A disposition fee is a fee which is charged by dealers and lessors payed in the end of a car lease period. Fee has to be placed on lessors account if lessee decides not to buy back the car after the lease period and the lessor has to prepare for reselling the car. Disposition fee and other similar charges are foreseen by the contractors as an circumstance to the normal operation of the lease arrangement. The lessor is obliged to state the highest possible amount to be charged. Lessor may also introduce a concise description of the fee structure. It covers cleaning up and repairing any damage that has happened to the car during the time of rent. As the car is brought into a suitable condition, it can be sold. Any disposition fee must be itemized in the lease agreement.
By the time the car is sold, it has to be inspected by a specialist for any damages. Afterwards it is repaired, serviced and cleaned. Lessor covers these (and other, like administrative costs and selling costs) costs via fixed disposition fee. To lower the disposition fee, lessee may cover some of the damages by its own, for example replace worn tires, get repairs done by itself, but it has to be calculated whether it is profitable. Disposition fee can also be avoided. If lessee decides to buy back the car disposition fee may be dodged since no reselling cost will be applied. Another way to sidestep the disposition fee is to take another car lease from the same lessor/dealership, however it is not assured in every case. It should be dealers interest to keep lessee for another lease term, as it is its way of earning the money.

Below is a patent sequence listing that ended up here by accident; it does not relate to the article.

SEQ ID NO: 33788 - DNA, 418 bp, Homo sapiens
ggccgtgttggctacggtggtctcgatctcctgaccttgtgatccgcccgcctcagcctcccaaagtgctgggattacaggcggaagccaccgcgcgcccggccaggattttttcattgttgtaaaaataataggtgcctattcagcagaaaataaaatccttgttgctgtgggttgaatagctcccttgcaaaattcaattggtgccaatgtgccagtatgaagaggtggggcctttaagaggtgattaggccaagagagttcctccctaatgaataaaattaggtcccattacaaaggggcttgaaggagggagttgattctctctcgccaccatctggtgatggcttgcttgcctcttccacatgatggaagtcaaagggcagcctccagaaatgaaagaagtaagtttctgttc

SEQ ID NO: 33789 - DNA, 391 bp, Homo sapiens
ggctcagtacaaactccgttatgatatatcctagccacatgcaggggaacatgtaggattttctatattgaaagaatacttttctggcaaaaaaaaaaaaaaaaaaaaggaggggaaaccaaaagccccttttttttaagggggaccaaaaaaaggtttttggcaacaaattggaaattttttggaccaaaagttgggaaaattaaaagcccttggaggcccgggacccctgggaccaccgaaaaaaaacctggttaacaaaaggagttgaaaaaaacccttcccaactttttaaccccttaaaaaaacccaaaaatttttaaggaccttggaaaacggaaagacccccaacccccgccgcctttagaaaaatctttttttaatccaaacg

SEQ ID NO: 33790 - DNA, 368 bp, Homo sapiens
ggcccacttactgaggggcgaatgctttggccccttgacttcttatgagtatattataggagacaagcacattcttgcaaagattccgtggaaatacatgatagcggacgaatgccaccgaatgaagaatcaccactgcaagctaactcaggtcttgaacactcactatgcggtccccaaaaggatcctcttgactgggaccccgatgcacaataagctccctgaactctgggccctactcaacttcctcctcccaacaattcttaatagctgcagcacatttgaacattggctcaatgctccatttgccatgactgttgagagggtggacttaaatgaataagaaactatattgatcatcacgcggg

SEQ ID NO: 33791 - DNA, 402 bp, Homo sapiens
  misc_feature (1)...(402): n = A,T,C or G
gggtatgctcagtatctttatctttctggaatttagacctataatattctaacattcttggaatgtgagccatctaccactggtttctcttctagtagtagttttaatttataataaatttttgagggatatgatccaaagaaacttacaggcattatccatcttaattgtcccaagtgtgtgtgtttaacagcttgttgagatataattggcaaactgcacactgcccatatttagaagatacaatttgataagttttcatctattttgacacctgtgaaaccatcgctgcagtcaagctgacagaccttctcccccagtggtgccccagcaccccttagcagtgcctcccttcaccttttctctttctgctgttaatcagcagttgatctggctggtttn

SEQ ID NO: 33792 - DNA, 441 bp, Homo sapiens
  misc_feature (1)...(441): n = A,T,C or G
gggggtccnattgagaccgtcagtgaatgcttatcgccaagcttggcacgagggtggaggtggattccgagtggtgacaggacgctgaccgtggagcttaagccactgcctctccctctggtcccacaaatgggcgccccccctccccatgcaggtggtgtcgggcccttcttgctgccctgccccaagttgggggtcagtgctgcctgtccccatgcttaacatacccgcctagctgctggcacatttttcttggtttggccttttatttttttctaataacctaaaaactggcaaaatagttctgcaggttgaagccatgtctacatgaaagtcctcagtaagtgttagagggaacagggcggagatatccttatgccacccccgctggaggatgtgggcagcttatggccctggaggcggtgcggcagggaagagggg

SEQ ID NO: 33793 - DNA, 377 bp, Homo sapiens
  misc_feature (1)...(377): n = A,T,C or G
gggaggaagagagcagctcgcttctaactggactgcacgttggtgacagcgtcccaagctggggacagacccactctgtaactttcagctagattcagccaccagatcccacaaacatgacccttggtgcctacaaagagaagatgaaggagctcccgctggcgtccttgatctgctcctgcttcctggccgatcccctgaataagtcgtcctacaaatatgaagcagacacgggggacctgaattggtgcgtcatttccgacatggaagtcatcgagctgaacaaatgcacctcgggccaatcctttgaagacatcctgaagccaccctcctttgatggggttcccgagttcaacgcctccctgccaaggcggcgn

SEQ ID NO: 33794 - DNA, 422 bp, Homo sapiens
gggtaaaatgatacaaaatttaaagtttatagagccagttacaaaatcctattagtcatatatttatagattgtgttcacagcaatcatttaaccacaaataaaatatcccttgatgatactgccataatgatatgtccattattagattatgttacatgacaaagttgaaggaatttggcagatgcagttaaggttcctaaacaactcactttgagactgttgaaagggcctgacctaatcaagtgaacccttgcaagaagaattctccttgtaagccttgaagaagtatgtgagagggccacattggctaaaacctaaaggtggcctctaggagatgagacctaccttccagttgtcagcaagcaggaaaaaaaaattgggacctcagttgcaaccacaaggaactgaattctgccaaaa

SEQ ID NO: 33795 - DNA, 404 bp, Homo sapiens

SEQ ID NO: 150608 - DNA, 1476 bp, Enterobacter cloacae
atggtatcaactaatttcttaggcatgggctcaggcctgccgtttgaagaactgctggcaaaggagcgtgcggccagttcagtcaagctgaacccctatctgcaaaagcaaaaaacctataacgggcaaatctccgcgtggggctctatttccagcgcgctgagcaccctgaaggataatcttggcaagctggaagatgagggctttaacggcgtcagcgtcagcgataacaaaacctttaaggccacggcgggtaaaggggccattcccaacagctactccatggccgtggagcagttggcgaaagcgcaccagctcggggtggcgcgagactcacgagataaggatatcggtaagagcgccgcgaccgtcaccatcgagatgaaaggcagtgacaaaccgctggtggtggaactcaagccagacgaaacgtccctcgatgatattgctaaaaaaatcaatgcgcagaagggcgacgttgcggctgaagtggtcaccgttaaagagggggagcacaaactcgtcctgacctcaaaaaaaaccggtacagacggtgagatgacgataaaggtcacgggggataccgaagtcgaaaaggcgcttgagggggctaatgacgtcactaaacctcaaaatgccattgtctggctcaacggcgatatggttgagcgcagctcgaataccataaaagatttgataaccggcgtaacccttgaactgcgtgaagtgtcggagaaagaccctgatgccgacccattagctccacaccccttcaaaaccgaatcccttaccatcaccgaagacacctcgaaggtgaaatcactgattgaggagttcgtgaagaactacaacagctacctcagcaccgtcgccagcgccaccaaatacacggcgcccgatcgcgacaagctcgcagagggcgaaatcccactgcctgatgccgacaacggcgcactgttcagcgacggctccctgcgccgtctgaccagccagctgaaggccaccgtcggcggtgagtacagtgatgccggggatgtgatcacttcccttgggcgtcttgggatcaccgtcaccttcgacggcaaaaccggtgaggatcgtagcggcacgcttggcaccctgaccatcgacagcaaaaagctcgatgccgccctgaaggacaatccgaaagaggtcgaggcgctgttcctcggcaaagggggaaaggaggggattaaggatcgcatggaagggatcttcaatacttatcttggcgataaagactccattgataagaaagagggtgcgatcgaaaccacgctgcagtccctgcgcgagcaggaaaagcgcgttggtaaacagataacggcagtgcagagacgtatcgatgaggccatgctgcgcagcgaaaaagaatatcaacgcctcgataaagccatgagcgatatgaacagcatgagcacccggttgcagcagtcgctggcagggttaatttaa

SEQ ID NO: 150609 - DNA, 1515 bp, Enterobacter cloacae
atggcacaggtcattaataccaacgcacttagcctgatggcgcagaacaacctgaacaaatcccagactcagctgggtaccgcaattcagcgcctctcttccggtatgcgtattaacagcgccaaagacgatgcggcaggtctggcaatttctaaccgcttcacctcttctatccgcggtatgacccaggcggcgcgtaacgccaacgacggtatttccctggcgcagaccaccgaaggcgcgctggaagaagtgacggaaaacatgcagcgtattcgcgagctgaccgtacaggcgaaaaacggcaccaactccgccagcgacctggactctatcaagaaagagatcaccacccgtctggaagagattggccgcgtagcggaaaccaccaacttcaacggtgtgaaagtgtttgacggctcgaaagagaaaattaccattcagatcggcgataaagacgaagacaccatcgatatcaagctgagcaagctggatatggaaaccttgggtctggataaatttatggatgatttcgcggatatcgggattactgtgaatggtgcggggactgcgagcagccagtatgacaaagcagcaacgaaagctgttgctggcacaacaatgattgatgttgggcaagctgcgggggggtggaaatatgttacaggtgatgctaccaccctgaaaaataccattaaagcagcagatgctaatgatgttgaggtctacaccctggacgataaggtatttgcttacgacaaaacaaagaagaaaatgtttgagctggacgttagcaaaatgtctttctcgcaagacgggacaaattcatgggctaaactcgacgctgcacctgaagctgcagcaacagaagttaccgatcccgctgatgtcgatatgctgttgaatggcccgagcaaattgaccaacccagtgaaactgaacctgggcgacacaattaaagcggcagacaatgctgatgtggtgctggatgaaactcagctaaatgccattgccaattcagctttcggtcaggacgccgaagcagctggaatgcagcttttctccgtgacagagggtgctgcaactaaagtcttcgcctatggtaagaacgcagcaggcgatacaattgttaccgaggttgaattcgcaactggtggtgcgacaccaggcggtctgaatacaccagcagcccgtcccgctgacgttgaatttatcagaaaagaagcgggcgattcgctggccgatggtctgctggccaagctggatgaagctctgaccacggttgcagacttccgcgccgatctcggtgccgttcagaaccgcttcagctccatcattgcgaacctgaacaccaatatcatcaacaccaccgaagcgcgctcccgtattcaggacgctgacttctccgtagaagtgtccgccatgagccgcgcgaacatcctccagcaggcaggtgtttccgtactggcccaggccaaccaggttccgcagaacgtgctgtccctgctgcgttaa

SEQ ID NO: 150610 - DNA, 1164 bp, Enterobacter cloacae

Other end-of-lease fees
Disposition fee isn't the only fee that lessee has to cover at the end of a lease period. Potential end lease charges and fees are:
- Mileage overage - most leases have limited mileage. It should be stated in the lease agreement, how many kilometers the car is allowed to cover on a monthly or yearly basis. If the car travels more kilometers that are allowed in the agreement, lessee is obliged to pay certain amount of money.
- Excess wear - a vehicle which is leased, has to be returned in a good condition. Vehicle should have no scratches or dents.
- Late charges - are charges imposed on lessee, who is being late with returnig the vehicle back to lessor. If the car is brought later than period stated in the lease agreement, charges may be applied.
- Agrawal V., Ferguson M., Toktay B., (2012)., Is Leasing Greener than Selling?. Management science, Vol. 58, No. 3.
- Billingsley R., Gitman L. J., Joehnk M. (2017)., Personal Financial Planning. South-Western Cengage Learning, Mason, 167
- Chan S. (2004)., Fundamentals of Engineering Economics. Pearson, New Jersey, 5, 100.
- Gao S. (2018)., International Leasing. Routledge, Abingdon.
- Hallenborg M. A. (2002)., New York Tenants' Rights . Nolo, USA.
- McConell J., Schallheim J. (1983)., Valuation of asset leasing contracts. "Journal of Financial Economics" 12, 237-261.
- Schroter W. (2004)., LeaseAdvisor.
- Smith C., Macdonald L. (1985)., Determinants of Corporate Leasing Policy. "The Journal of Economics", VOL. XL, NO.3
Author: Michał Sznurkowski